Pharmaceutical company lays off employees allegedly because of cheaper drug prices

A Chinese pharmaceutical company has fired a group of employees involved in pricing the country’s first drug for Alzheimer’s disease after it was covered by national medical insurance, national media Jiemian reported on Tuesday.

Shanghai Green Valley Pharmaceuticals has laid off an unknown number of employees who participated in price negotiations for the drug Sodium Oligimannate GV-971 with health authorities, just over a week after it was listed in the health insurance catalog of the country. The company’s dissatisfaction with prices agreed with government officials may have led to the termination, the outlet reported, citing staff.

This year, the National Healthcare Security Administration negotiated the price of 117 drugs with their manufacturers, 67 of which were included in the health insurance catalog. The average cost of these drugs has been reduced by 62% compared to the previous market price.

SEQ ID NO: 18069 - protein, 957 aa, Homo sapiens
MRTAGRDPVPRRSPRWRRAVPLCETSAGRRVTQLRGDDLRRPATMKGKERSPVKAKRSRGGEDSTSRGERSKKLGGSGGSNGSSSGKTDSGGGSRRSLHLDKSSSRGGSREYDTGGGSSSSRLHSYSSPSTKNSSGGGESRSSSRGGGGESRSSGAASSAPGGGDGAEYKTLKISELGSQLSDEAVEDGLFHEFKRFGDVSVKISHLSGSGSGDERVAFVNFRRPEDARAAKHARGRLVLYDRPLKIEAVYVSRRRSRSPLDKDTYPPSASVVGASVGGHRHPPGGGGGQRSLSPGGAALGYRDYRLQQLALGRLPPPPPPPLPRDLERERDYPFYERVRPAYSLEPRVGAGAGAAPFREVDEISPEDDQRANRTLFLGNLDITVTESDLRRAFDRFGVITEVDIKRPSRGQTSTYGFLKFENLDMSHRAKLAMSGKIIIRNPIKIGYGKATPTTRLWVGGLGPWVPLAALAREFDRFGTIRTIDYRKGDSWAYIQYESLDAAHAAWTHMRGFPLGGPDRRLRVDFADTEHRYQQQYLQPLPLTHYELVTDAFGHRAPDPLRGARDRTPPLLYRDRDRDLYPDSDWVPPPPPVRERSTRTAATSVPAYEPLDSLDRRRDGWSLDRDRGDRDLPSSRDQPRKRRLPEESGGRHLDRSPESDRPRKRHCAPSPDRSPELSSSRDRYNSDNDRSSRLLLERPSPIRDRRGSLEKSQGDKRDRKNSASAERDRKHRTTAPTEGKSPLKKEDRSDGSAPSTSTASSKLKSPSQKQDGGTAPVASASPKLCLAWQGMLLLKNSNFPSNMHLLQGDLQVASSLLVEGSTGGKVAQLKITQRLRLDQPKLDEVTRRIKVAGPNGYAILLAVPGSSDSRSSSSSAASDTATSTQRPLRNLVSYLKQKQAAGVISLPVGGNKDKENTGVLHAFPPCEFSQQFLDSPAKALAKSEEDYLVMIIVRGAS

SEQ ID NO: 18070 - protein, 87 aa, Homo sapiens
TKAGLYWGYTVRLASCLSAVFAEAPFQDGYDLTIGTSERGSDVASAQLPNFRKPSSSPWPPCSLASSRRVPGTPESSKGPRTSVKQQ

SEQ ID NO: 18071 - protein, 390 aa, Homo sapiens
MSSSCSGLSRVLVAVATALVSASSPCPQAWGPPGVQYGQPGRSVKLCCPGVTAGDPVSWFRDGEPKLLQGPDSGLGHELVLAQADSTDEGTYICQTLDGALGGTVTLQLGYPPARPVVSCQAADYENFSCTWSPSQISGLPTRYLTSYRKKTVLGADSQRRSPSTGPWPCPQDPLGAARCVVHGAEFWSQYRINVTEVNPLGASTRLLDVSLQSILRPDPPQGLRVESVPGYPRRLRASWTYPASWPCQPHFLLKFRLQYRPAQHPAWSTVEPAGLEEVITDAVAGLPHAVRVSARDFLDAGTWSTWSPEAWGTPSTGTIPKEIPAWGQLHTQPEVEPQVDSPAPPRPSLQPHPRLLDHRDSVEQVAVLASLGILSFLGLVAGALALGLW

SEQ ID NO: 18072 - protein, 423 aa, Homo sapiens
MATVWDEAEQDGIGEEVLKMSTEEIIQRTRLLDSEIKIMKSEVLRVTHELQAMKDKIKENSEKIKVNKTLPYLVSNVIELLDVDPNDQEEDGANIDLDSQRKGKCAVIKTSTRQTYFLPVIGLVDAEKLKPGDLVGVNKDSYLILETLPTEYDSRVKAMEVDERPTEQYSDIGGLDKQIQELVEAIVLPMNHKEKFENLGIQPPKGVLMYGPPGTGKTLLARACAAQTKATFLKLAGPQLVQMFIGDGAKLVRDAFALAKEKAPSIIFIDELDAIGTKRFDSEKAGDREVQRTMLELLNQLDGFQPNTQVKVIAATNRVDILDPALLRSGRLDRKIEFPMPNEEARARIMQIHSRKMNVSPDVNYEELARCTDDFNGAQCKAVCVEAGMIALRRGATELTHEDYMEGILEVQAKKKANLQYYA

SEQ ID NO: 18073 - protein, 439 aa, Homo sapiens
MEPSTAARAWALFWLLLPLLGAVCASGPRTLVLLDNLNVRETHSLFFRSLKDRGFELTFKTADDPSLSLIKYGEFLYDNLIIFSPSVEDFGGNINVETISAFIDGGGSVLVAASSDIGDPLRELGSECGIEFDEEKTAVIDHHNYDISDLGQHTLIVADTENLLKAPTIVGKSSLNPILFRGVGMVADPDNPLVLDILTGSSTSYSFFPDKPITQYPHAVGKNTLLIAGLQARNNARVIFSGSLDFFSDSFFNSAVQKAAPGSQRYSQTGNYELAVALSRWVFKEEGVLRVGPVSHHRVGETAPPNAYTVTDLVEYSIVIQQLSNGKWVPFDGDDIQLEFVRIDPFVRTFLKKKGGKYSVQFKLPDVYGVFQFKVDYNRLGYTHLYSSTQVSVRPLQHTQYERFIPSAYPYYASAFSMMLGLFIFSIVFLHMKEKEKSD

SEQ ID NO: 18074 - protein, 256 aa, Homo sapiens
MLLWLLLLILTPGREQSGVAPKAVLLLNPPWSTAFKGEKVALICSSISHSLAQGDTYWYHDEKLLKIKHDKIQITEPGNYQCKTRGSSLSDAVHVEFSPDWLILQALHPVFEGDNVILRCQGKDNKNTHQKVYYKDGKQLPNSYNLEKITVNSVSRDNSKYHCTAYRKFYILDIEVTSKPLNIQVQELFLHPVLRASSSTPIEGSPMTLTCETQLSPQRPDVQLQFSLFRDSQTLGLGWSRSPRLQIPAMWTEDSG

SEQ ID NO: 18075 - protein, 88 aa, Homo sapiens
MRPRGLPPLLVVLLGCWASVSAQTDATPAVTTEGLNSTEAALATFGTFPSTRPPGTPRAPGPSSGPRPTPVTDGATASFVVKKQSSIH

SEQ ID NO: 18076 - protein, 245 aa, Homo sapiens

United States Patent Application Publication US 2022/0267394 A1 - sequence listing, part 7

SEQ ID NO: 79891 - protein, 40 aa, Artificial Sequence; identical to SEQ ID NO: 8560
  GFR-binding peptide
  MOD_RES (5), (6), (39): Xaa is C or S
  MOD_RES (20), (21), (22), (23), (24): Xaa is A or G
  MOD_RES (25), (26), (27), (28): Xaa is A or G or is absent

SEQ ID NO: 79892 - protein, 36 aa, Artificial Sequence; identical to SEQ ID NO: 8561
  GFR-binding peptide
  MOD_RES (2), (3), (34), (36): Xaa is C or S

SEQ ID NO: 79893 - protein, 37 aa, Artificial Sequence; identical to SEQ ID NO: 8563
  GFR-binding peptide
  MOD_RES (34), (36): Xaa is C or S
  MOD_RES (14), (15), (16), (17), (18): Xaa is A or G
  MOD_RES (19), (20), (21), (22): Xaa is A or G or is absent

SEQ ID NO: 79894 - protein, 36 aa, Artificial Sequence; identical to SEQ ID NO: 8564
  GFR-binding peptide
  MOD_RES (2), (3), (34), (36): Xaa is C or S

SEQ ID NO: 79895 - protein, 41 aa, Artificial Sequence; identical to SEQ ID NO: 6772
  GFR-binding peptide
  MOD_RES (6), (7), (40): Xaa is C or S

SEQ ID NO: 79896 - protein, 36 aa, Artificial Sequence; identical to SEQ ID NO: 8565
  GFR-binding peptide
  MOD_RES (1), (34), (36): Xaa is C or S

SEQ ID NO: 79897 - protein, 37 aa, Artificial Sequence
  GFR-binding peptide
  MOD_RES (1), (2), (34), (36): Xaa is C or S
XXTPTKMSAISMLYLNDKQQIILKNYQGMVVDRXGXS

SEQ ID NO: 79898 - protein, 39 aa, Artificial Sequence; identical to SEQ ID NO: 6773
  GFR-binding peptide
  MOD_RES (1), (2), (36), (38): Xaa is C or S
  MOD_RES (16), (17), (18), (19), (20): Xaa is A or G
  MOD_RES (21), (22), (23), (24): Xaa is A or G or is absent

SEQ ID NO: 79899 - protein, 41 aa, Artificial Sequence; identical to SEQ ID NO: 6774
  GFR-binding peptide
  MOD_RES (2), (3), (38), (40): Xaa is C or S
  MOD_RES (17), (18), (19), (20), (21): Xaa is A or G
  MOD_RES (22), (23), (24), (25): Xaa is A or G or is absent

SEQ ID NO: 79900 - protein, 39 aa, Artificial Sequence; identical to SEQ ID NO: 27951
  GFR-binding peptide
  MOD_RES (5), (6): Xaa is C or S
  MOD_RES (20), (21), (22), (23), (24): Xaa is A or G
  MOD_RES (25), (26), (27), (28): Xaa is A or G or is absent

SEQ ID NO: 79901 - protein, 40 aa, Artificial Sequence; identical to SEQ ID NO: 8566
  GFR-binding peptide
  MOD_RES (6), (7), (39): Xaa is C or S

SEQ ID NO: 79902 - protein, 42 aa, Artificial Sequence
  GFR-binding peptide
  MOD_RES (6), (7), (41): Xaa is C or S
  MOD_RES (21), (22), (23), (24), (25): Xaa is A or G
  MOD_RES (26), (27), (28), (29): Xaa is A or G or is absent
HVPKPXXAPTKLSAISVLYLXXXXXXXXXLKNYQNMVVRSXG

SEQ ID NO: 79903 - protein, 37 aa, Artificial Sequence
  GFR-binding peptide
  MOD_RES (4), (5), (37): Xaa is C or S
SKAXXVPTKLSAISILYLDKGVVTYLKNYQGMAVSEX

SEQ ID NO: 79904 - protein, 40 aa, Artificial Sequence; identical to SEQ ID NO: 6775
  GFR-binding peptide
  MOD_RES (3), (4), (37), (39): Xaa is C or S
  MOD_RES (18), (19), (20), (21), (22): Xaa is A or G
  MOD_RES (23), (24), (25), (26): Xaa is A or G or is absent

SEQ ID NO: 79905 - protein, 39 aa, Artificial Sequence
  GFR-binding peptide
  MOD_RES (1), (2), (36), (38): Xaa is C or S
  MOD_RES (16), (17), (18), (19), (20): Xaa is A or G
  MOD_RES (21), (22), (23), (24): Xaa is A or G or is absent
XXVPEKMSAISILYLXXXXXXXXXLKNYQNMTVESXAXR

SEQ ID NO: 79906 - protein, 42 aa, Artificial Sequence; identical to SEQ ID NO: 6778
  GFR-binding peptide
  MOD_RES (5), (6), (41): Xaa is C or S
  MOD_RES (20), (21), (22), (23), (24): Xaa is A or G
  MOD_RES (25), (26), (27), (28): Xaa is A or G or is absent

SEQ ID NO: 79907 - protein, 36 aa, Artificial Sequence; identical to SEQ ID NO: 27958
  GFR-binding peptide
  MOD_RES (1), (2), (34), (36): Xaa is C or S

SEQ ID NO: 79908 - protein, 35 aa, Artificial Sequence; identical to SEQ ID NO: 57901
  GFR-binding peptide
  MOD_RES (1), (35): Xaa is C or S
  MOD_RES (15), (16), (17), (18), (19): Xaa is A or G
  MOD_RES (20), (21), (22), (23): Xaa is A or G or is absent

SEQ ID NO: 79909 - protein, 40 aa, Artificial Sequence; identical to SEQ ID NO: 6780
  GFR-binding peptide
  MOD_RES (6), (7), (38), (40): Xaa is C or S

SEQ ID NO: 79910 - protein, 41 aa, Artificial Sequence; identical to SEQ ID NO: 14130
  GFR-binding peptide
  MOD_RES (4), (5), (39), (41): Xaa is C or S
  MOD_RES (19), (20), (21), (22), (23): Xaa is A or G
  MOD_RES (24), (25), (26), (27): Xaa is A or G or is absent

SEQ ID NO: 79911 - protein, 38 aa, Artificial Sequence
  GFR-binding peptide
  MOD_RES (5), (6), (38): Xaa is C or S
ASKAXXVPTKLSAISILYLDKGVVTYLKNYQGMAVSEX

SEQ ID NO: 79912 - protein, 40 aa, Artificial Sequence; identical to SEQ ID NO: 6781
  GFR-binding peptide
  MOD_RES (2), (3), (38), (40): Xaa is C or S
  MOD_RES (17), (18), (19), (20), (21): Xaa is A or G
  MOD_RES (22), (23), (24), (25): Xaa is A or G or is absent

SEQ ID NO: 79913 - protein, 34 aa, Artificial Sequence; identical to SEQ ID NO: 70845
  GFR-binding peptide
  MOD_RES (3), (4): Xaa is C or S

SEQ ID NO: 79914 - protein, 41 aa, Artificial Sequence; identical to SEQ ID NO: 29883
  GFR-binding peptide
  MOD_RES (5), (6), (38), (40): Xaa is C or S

The Alzheimer’s drug now costs 296 yuan ($45) per box under the insurance plan, significantly less than the minimum price of 450 yuan offered by Green Valley last year. The GV-971 drug originally cost 895 yuan for a box of 42 capsules.

Sixth Tone could not reach Shanghai Green Valley Pharmaceuticals for comment. However, a source close to the company said the layoffs could instead be a cost-cutting measure.

“Most of the terminated employees worked in the marketing and medical science departments and were responsible for communicating with medical professionals to raise their awareness of the new drug,” said the employee, who declined to be named, at Sixth Tone. “After the drug has been included in public health insurance at a much more affordable price, the company may feel that such efforts are no longer necessary. Removing these functions can help reduce the cost of operations. »

Since its approval and sale in 2019, Green Valley’s drug GV-971 has sparked controversy, with some researchers doubting its effectiveness. Meanwhile, its makers say the drug – currently in third-stage trials in the US – can significantly improve cognitive performance in people with Alzheimer’s disease.

Publisher: Bibek Bhandari.

(Header image: People Visual)

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